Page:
Dr. Oliver Lawrence
Technology and Education Social Justice Series
This is a book for everyone in modern multicultural society settings to understand the strong influences of identification in personal behavior. Simply sharing a meal may develop some closer relationships but to tackle the deep rooted chasms one has to understand the root causes of the divide between black and white in society especially the "Sunday morning hour" which still remains as the most segregated hour in America.
This is an analysis of Black Identification. While colonialism and slavery shaped the world, Blacks had to contend with being identified by others. During the rise of Pan-Africanism, Civil Rights, Black Power, Black Consciousness and Non-Racialism, Blacks learned the value of self-identification. A working definition of racism is any action or attitude, conscious or unconscious that subordinates an individual or group based on skin color or race. This subordination can be enacted individually or institutionally (Ford, 1994, p 11). Malcolm X says that "When we say 'black,' we mean everything not white.
Black identification has been largely imposed by European settlers through the colonization of Africa. To understand black identity one needs to explore historical events that formed the social context of identity development. The tenets of critical race theory support the formulation of theory through the actions and words of the actors who created the historical foundations of the philosophies we embrace. Brown (1995) declares that the critical race theory "manifesto" might be characterized as follows: We, as people of color, were not there when conventional legal standards were being formulated. Little wonder that these traditional meritocratic standards have worked to exclude us historically, and still work to exclude us. Disenfranchised people of color theorize, but they theorize in different ways. They tell stories. Hear us, and hear us in our own voices. It is only then that you will truly hear us.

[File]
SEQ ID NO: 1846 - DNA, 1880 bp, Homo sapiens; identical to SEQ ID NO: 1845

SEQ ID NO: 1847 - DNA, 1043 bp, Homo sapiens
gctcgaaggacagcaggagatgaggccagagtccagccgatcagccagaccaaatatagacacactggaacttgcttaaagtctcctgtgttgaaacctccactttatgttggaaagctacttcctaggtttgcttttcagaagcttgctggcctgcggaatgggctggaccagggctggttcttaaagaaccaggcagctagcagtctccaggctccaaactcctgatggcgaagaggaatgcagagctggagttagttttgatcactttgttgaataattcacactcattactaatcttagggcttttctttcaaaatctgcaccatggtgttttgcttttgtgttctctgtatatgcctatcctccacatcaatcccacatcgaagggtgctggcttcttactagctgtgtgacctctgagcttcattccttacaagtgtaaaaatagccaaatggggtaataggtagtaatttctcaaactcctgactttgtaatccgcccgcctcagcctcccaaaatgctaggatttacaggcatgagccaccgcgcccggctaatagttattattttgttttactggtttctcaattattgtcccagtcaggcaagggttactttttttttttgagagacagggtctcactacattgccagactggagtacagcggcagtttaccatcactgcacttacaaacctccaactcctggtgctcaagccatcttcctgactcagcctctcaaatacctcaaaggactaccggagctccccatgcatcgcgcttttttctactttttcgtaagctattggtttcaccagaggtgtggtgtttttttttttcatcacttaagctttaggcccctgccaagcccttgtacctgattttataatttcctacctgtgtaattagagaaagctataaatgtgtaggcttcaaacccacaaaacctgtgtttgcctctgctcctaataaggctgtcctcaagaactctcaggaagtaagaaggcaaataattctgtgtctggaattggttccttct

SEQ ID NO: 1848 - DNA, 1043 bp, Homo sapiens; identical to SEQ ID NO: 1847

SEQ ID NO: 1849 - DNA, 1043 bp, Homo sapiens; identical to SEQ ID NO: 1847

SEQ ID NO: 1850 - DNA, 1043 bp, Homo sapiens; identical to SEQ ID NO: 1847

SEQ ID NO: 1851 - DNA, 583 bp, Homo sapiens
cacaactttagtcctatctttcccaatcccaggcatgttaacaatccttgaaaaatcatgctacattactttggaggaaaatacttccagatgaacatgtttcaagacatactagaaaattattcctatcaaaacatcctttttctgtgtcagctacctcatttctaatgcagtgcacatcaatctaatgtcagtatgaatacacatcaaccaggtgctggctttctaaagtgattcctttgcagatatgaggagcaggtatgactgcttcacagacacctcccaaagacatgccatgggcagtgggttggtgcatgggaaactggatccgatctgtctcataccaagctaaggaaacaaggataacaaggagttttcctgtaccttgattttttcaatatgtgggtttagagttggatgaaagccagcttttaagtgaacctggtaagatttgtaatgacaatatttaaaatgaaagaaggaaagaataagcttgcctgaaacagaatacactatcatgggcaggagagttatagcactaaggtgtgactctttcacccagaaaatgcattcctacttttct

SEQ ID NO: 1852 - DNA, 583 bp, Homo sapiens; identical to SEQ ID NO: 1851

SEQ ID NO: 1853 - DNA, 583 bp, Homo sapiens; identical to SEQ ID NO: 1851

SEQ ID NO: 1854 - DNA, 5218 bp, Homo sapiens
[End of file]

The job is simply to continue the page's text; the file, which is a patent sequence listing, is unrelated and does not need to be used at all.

A major factor contributing to the dominant status of the European American ethnic group has been the institutionalization of their culture and their ability to display their ethnic identity as the norm in school settings. Conversely, students from ethnic groups of color have had to construct, maintain, and develop their ethnic identities in situational contexts that often require them to restrict or suppress the natural display of internal ethnic behaviors. Scholars point out that the psychological dimensions of ethnicity, if compromised, can create conflict for individuals whose social relationships and cultural practices become removed from their sense of identity (Bentley, 1987; de Vos, 1982; Hernandez Sheets, 1999).
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